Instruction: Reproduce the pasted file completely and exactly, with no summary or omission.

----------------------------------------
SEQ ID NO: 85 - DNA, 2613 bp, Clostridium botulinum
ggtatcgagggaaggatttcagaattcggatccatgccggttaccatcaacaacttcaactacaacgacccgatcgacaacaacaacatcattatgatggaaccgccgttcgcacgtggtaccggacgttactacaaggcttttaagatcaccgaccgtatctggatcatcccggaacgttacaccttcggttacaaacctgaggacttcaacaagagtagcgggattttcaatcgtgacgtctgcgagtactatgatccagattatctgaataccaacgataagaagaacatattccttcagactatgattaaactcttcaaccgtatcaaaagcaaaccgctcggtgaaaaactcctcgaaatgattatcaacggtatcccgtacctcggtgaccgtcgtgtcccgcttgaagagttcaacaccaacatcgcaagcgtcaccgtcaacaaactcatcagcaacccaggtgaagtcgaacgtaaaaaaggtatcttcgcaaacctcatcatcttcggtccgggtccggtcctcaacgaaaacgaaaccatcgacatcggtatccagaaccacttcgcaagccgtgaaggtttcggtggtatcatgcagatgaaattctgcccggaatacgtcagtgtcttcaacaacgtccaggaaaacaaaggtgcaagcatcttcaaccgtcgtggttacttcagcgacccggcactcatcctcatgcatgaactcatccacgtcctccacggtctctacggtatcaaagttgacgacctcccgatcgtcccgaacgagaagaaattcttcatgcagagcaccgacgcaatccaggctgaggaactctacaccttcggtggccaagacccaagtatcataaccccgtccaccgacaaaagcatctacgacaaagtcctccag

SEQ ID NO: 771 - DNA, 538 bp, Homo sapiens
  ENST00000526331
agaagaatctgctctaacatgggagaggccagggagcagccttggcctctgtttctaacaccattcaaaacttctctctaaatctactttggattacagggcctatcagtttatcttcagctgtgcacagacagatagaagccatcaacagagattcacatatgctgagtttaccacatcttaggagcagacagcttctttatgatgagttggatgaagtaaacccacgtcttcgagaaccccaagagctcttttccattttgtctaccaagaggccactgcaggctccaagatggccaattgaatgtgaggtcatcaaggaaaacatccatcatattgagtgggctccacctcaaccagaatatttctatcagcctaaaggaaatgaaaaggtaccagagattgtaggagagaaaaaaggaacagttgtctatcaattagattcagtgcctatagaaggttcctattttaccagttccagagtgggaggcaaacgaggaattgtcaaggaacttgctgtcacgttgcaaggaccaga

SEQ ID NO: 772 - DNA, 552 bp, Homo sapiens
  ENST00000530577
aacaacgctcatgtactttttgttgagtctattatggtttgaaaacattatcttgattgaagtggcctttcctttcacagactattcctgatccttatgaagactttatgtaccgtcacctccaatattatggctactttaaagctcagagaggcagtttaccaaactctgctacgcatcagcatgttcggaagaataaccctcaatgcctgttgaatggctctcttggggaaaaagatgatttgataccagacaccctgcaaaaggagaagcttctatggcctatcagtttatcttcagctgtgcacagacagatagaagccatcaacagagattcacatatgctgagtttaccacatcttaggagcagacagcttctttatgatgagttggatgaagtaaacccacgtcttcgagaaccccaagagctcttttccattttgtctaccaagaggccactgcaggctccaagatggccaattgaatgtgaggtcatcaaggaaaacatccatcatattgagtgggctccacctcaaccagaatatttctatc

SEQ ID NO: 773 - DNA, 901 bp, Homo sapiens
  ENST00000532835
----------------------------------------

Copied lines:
SEQ ID NO: 85 - DNA, 2613 bp, Clostridium botulinum
ggtatcgagggaaggatttcagaattcggatccatgccggttaccatcaacaacttcaactacaacgacccgatcgacaacaacaacatcattatgatggaaccgccgttcgcacgtggtaccggacgttactacaaggcttttaagatcaccgaccgtatctggatcatcccggaacgttacaccttcggttacaaacctgaggacttcaacaagagtagcgggattttcaatcgtgacgtctgcgagtactatgatccagattatctgaataccaacgataagaagaacatattccttcagactatgattaaactcttcaaccgtatcaaaagcaaaccgctcggtgaaaaactcctcgaaatgattatcaacggtatcccgtacctcggtgaccgtcgtgtcccgcttgaagagttcaacaccaacatcgcaagcgtcaccgtcaacaaactcatcagcaacccaggtgaagtcgaacgtaaaaaaggtatcttcgcaaacctcatcatcttcggtccgggtccggtcctcaacgaaaacgaaaccatcgacatcggtatccagaaccacttcgcaagccgtgaaggtttcggtggtatcatgcagatgaaattctgcccggaatacgtcagtgtcttcaacaacgtccaggaaaacaaaggtgcaagcatcttcaaccgtcgtggttacttcagcgacccggcactcatcctcatgcatgaactcatccacgtcctccacggtctctacggtatcaaagttgacgacctcccgatcgtcccgaacgagaagaaattcttcatgcagagcaccgacgcaatccaggctgaggaactctacaccttcggtggccaagacccaagtatcataaccccgtccaccgacaaaagcatctacgacaaagtcctccag

SEQ ID NO: 771 - DNA, 538 bp, Homo sapiens
  ENST00000526331
agaagaatctgctctaacatgggagaggccagggagcagccttggcctctgtttctaacaccattcaaaacttctctctaaatctactttggattacagggcctatcagtttatcttcagctgtgcacagacagatagaagccatcaacagagattcacatatgctgagtttaccacatcttaggagcagacagcttctttatgatgagttggatgaagtaaacccacgtcttcgagaaccccaagagctcttttccattttgtctaccaagaggccactgcaggctccaagatggccaattgaatgtgaggtcatcaaggaaaacatccatcatattgagtgggctccacctcaaccagaatatttctatcagcctaaaggaaatgaaaaggtaccagagattgtaggagagaaaaaaggaacagttgtctatcaattagattcagtgcctatagaaggttcctattttaccagttccagagtgggaggcaaacgaggaattgtcaaggaacttgctgtcacgttgcaaggaccaga

SEQ ID NO: 772 - DNA, 552 bp, Homo sapiens
  ENST00000530577
aacaacgctcatgtactttttgttgagtctattatggtttgaaaacattatcttgattgaagtggcctttcctttcacagactattcctgatccttatgaagactttatgtaccgtcacctccaatattatggctactttaaagctcagagaggcagtttaccaaactctgctacgcatcagcatgttcggaagaataaccctcaatgcctgttgaatggctctcttggggaaaaagatgatttgataccagacaccctgcaaaaggagaagcttctatggcctatcagtttatcttcagctgtgcacagacagatagaagccatcaacagagattcacatatgctgagtttaccacatcttaggagcagacagcttctttatgatgagttggatgaagtaaacccacgtcttcgagaaccccaagagctcttttccattttgtctaccaagaggccactgcaggctccaagatggccaattgaatgtgaggtcatcaaggaaaacatccatcatattgagtgggctccacctcaaccagaatatttctatc

SEQ ID NO: 773 - DNA, 901 bp, Homo sapiens
  ENST00000532835